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VIII.16 - Black Death

from Part VIII - Major Human Diseases Past and Present

Published online by Cambridge University Press:  28 March 2008

Kenneth F. Kiple
Affiliation:
Bowling Green State University, Ohio
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Summary

The “Black Death” is the name given by modern historians to the great pandemic of plague that ravaged parts of Asia, the Middle East, North Africa, and Europe in the middle of the fourteenth century. Contemporaries knew it by many names, including the “Great Pestilence,” the “Great Mortality,” and the “Universal Plague.” This epidemic was the first and most devastating of the second known cycle of widespread human plague, which recurred in waves, sometimes of great severity, through the eighteenth century. Some of the later and milder “plagues” in this period seem to have also involved other diseases, including influenza, smallpox, and dysentery. Nonetheless almost all historians agree, on the basis of contemporary descriptions of its symptoms, that the Black Death should be identified as a massive epidemic of plague, a disease of rodents, caused by the bacillus Yersinia pestis, that can in the case of massive epizootics be transmitted to human beings by fleas. Although the Black Death manifested itself most commonly as bubonic plague, it also appeared at various times and places in its primary pneumonic and septicemic forms.

History and Geography

The geographic origins and full extent of the Black Death are still unclear. The earliest indisputable evidence locates it in 1346 in the cities of the Kipchak Khanate of the Golden Horde, north and west of the Caspian Sea. Until recently, most historians have claimed, based on Arabic sources, that the epidemic originated somewhere to the east of the Caspian, in eastern Mongolia or Yunnan or Tibet, where plague is enzootic in various populations of wild rodents.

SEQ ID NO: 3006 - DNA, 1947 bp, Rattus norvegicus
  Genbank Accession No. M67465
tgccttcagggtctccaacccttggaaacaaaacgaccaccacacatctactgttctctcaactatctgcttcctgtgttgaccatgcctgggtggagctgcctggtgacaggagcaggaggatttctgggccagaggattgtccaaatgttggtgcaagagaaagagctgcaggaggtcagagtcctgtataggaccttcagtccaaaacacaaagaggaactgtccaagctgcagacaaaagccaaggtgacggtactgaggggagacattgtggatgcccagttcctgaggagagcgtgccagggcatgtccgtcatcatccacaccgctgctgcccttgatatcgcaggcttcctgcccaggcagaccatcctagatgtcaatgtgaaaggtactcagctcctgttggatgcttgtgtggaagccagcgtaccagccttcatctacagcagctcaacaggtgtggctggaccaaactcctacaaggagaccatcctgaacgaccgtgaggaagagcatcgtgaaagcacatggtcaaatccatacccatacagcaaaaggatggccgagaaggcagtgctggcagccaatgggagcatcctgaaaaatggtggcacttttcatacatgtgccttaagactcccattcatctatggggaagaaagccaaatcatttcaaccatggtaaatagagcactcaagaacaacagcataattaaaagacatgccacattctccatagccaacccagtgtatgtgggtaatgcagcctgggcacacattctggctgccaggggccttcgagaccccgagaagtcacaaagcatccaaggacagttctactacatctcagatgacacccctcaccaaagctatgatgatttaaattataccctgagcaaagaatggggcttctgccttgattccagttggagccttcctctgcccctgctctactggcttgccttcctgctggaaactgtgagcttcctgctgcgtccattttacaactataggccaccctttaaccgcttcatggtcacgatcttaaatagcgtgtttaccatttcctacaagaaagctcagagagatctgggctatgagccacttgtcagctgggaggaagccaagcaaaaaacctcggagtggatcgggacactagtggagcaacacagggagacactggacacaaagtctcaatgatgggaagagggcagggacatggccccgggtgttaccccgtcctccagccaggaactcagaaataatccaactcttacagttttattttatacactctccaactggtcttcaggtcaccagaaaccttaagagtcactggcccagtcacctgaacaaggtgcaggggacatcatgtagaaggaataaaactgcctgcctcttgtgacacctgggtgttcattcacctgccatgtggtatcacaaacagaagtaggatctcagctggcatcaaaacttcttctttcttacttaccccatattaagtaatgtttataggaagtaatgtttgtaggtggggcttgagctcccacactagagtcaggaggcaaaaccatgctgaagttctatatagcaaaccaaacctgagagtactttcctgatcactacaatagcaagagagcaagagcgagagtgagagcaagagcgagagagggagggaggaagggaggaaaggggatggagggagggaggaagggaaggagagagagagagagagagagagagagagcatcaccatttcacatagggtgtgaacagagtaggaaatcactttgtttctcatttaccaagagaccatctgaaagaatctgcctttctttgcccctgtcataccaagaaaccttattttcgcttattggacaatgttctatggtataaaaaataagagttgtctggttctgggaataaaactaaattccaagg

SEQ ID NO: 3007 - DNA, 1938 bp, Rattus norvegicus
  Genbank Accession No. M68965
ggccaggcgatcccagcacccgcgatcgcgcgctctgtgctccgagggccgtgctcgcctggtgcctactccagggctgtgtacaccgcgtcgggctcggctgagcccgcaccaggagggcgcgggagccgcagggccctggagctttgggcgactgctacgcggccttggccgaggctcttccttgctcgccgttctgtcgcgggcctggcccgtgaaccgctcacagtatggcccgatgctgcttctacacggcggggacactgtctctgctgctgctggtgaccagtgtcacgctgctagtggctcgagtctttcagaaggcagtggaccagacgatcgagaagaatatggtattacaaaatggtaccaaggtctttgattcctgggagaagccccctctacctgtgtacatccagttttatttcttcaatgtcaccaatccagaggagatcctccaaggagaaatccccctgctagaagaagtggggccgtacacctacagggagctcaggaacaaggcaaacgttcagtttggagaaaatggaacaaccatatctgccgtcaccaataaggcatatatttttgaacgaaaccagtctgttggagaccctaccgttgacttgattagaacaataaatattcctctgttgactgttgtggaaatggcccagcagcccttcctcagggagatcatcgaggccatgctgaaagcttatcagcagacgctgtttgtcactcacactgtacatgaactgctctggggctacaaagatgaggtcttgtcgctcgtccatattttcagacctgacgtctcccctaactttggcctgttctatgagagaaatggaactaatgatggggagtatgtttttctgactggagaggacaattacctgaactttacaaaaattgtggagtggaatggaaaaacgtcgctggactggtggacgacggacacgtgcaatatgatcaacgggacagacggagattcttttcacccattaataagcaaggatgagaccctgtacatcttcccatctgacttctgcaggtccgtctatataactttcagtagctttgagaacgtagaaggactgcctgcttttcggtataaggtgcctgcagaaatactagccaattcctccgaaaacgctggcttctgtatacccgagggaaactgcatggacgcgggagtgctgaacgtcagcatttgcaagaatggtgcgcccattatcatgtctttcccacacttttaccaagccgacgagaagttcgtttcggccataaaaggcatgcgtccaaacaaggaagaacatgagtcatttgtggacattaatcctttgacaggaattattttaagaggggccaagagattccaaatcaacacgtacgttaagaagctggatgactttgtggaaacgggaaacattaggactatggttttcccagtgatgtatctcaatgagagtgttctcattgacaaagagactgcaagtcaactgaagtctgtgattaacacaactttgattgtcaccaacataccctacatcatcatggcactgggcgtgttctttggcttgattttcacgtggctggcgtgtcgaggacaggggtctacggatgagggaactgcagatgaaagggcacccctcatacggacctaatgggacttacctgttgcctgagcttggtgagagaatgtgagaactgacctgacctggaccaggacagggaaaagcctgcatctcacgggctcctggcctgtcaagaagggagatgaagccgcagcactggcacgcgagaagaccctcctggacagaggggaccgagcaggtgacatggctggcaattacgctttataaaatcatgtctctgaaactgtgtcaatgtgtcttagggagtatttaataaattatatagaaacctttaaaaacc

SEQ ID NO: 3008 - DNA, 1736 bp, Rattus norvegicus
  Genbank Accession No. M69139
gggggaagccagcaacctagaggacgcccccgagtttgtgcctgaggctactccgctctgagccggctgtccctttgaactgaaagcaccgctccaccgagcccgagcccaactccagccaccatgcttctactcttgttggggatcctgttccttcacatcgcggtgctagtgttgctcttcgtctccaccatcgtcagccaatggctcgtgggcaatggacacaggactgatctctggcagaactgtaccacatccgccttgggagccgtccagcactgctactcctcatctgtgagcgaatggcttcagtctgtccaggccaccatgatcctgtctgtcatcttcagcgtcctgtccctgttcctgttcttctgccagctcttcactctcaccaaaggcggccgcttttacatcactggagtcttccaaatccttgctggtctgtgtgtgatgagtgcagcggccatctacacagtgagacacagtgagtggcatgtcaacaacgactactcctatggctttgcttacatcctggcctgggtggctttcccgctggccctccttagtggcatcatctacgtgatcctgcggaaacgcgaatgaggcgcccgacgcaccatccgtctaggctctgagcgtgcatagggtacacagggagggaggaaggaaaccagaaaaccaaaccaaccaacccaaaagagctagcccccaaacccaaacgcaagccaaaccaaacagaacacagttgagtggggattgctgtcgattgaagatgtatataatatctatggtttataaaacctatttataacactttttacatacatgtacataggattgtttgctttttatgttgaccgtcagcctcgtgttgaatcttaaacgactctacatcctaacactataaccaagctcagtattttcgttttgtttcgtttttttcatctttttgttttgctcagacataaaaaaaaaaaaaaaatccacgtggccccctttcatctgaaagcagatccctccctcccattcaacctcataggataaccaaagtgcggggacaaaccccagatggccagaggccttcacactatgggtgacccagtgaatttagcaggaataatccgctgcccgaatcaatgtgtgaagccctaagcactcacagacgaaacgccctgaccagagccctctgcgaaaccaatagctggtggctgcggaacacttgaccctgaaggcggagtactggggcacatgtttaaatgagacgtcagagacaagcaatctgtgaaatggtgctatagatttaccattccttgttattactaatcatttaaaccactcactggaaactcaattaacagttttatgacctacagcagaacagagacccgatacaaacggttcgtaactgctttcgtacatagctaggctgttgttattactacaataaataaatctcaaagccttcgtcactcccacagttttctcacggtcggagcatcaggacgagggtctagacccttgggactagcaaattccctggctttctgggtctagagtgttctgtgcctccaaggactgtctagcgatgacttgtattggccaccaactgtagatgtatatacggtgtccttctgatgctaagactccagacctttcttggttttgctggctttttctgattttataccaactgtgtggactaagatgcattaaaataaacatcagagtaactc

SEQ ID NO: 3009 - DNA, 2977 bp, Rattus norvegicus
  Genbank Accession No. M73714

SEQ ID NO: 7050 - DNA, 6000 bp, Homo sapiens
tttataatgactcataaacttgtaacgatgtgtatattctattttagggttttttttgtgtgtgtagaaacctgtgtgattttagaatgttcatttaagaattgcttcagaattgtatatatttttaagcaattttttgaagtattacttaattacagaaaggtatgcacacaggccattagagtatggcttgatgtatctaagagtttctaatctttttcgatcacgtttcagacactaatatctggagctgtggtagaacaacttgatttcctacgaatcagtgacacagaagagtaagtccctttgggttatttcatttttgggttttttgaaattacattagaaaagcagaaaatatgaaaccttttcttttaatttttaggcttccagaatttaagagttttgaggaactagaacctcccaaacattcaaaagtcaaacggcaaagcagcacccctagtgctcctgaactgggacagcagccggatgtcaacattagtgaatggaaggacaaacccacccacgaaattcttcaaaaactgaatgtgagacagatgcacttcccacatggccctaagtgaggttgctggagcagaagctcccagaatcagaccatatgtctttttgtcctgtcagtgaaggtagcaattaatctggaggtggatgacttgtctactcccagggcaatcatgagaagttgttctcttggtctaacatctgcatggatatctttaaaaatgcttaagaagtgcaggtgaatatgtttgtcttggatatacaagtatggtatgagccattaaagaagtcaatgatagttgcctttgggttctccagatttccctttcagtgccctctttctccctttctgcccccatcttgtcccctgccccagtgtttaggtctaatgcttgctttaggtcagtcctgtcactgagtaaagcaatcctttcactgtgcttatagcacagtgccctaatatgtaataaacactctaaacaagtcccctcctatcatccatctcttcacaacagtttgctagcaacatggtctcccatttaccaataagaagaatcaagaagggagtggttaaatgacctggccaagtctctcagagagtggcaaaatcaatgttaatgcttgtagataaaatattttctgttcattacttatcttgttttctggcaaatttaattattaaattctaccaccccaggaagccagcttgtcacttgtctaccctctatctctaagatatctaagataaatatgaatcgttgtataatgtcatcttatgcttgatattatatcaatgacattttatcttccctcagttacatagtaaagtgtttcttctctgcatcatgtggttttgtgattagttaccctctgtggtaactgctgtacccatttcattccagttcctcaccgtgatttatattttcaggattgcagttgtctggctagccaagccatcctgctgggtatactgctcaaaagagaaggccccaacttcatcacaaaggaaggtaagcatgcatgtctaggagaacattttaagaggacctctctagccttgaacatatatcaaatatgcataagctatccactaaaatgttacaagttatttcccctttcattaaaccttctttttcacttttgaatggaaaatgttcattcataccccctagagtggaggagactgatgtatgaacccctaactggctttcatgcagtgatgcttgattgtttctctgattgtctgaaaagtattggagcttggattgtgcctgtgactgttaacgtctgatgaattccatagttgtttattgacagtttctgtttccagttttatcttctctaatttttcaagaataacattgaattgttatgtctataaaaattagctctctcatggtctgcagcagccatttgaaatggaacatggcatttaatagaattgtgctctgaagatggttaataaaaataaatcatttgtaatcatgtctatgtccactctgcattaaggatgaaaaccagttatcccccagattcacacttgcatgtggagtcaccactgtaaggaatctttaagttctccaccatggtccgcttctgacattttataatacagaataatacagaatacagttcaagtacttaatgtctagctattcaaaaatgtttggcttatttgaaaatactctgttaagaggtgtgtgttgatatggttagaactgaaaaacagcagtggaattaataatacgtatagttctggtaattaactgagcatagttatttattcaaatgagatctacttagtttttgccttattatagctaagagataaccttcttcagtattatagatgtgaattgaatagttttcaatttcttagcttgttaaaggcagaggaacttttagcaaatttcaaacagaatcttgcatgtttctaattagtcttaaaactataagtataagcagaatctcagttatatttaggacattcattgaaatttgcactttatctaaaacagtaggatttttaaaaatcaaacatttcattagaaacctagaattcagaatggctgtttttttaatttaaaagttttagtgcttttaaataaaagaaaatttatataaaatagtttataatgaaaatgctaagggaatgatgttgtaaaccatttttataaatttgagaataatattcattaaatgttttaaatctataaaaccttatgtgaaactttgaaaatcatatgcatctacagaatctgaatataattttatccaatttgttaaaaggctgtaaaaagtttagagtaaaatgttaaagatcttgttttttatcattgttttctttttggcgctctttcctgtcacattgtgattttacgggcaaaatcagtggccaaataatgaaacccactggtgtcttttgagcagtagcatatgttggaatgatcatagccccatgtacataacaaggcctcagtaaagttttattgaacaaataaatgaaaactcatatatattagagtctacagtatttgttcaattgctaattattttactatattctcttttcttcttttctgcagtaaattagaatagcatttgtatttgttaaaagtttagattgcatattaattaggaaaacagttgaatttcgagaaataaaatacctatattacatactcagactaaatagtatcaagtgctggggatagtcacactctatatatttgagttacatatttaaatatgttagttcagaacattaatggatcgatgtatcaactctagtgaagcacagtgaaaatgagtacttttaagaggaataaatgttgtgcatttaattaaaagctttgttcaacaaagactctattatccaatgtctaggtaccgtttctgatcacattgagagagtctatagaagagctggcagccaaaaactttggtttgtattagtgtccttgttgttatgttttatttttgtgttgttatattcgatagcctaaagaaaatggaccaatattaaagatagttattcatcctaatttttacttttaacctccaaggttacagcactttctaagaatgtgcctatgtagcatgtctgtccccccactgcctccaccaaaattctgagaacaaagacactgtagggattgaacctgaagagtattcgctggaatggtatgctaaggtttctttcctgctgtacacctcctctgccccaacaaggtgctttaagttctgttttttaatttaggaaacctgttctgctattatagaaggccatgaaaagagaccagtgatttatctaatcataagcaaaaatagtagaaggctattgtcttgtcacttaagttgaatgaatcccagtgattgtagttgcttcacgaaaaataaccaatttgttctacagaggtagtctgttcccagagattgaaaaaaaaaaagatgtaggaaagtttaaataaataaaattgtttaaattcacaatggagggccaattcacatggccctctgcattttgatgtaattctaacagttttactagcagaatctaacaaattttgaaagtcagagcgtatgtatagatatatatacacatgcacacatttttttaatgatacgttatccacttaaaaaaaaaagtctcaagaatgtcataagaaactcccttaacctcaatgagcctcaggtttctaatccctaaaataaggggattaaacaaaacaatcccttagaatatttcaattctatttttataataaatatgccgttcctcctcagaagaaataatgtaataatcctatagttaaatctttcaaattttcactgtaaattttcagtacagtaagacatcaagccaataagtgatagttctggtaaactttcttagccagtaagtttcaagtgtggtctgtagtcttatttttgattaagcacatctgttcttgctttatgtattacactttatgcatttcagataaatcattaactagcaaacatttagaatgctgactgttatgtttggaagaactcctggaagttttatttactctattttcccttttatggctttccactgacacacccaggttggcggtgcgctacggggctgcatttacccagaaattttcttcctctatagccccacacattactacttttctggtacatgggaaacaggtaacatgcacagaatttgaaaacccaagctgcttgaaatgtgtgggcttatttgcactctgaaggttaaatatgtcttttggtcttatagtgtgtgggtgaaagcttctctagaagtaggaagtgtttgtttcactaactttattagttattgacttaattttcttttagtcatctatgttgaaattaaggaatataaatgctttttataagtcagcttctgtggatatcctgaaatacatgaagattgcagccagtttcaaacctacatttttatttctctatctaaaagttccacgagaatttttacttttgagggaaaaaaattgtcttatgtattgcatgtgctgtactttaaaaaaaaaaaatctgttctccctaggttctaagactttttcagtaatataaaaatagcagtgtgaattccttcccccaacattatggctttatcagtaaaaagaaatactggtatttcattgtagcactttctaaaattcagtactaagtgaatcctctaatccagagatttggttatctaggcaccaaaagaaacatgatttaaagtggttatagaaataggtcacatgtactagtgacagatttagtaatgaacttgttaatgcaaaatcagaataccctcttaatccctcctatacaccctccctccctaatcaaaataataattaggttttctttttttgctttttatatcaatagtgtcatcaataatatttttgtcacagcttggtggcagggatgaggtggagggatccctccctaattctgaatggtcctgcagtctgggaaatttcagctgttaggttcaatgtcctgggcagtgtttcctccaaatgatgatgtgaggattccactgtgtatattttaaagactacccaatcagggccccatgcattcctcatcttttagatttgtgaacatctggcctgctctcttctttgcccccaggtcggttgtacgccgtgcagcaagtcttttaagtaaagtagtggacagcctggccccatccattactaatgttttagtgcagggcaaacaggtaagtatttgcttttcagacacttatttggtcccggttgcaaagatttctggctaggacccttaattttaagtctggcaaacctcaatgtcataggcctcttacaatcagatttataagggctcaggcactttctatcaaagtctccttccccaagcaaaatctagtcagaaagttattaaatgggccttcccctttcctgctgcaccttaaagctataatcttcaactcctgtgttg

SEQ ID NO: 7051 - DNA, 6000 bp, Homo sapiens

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Publisher: Cambridge University Press
Print publication year: 1993

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References

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  • Black Death
  • Edited by Kenneth F. Kiple, Bowling Green State University, Ohio
  • Book: The Cambridge World History of Human Disease
  • Online publication: 28 March 2008
  • Chapter DOI: https://doi.org/10.1017/CHOL9780521332866.078
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  • Black Death
  • Edited by Kenneth F. Kiple, Bowling Green State University, Ohio
  • Book: The Cambridge World History of Human Disease
  • Online publication: 28 March 2008
  • Chapter DOI: https://doi.org/10.1017/CHOL9780521332866.078
Available formats
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Save book to Google Drive

To save content items to your account, please confirm that you agree to abide by our usage policies. If this is the first time you use this feature, you will be asked to authorise Cambridge Core to connect with your account. Find out more about saving content to Google Drive.

  • Black Death
  • Edited by Kenneth F. Kiple, Bowling Green State University, Ohio
  • Book: The Cambridge World History of Human Disease
  • Online publication: 28 March 2008
  • Chapter DOI: https://doi.org/10.1017/CHOL9780521332866.078
Available formats
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